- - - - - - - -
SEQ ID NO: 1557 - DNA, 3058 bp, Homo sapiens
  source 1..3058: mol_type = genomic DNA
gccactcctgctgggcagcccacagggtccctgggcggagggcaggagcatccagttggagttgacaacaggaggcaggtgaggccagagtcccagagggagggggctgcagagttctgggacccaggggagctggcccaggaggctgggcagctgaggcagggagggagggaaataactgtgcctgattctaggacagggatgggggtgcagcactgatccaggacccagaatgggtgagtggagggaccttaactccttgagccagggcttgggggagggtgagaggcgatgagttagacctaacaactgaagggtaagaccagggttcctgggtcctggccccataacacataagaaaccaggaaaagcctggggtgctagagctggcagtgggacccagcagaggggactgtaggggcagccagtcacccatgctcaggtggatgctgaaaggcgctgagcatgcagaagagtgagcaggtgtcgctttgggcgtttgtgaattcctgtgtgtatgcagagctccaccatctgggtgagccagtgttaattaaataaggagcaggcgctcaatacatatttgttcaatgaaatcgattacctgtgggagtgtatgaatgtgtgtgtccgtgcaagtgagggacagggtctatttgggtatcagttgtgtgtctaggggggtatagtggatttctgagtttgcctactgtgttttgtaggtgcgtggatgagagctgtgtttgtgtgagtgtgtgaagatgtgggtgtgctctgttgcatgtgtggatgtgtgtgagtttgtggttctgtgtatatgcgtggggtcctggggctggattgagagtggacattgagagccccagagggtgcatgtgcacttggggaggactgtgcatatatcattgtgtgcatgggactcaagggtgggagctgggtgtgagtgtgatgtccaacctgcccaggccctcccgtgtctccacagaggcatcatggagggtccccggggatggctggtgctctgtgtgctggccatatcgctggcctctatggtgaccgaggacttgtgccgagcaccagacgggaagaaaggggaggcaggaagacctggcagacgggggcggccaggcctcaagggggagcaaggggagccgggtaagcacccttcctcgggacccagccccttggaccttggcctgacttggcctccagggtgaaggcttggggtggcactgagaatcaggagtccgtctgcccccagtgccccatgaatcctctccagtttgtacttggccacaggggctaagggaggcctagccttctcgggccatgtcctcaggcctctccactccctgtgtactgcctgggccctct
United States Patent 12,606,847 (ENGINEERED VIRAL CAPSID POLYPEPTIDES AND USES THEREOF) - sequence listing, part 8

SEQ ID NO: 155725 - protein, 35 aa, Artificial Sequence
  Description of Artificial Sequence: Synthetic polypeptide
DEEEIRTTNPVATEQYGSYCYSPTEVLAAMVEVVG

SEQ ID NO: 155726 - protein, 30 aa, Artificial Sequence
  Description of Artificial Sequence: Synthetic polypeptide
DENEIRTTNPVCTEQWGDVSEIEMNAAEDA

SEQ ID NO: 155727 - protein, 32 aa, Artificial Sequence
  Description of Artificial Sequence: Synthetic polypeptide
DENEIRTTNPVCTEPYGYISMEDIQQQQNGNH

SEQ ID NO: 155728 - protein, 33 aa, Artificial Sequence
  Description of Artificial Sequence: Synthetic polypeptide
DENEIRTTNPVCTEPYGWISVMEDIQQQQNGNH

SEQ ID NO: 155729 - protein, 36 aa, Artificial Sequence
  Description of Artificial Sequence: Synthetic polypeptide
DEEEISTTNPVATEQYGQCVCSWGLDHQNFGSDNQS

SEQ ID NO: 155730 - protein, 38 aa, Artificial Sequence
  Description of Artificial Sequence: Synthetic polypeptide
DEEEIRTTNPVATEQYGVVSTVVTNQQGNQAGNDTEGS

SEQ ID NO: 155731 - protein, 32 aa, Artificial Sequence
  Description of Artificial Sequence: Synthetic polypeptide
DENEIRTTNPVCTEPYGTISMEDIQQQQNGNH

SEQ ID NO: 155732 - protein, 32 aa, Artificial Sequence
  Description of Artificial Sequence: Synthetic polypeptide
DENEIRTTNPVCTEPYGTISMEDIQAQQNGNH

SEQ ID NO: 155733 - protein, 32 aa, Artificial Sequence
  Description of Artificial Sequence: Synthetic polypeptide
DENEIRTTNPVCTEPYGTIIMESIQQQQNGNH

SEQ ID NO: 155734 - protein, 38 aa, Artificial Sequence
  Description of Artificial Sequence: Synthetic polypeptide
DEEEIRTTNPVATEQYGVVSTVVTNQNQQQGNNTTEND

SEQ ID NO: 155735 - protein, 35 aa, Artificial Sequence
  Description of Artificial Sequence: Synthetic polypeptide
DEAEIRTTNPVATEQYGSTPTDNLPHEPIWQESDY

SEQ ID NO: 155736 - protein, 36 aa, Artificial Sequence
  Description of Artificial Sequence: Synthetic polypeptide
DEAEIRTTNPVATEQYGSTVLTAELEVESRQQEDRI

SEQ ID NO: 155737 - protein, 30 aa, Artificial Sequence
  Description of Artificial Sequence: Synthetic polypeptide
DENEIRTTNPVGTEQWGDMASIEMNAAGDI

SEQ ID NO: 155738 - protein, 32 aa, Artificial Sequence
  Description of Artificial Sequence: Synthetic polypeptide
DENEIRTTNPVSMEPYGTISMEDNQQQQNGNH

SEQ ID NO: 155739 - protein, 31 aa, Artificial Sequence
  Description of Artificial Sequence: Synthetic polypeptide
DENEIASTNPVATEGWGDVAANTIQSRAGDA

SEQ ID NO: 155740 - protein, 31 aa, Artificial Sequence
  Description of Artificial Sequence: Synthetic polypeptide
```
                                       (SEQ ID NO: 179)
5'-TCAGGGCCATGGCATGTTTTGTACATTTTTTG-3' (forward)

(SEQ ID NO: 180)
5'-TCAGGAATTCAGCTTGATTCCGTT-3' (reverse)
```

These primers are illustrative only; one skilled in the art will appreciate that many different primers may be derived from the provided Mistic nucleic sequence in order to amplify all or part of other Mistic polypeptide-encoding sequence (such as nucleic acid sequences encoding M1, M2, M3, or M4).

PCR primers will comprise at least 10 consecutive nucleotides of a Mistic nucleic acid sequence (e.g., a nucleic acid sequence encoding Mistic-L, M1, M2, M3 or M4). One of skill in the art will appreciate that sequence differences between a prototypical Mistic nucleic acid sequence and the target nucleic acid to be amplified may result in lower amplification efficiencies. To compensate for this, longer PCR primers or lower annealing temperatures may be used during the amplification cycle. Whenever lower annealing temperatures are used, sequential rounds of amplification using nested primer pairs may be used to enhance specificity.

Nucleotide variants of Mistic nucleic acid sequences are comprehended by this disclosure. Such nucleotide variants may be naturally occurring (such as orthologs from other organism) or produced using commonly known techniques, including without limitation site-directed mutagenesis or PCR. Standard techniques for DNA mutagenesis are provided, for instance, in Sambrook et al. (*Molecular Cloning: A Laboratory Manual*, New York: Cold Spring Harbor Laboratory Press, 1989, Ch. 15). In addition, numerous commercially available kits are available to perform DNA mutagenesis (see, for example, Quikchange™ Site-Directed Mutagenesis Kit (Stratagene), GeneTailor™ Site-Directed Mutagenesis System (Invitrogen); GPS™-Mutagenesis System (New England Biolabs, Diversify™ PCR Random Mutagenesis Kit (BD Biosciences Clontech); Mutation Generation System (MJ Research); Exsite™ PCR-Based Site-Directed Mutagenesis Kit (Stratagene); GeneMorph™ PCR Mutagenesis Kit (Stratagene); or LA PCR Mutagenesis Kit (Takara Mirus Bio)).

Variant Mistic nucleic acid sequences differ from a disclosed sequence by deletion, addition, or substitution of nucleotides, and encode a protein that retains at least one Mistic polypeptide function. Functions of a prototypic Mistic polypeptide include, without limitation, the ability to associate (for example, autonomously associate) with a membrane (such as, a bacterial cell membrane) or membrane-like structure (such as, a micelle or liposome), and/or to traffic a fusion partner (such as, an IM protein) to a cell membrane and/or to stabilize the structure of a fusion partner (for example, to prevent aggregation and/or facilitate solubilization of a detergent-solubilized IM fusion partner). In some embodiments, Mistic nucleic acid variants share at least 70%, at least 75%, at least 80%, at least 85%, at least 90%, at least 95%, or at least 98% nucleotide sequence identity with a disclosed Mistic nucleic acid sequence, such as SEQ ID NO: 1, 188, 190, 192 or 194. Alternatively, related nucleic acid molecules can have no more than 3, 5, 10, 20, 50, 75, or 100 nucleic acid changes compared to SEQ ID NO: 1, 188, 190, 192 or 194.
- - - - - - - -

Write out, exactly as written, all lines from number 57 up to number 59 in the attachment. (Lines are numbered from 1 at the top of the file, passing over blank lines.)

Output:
```

These primers are illustrative only; one skilled in the art will appreciate that many different primers may be derived from the provided Mistic nucleic sequence in order to amplify all or part of other Mistic polypeptide-encoding sequence (such as nucleic acid sequences encoding M1, M2, M3, or M4).

PCR primers will comprise at least 10 consecutive nucleotides of a Mistic nucleic acid sequence (e.g., a nucleic acid sequence encoding Mistic-L, M1, M2, M3 or M4). One of skill in the art will appreciate that sequence differences between a prototypical Mistic nucleic acid sequence and the target nucleic acid to be amplified may result in lower amplification efficiencies. To compensate for this, longer PCR primers or lower annealing temperatures may be used during the amplification cycle. Whenever lower annealing temperatures are used, sequential rounds of amplification using nested primer pairs may be used to enhance specificity.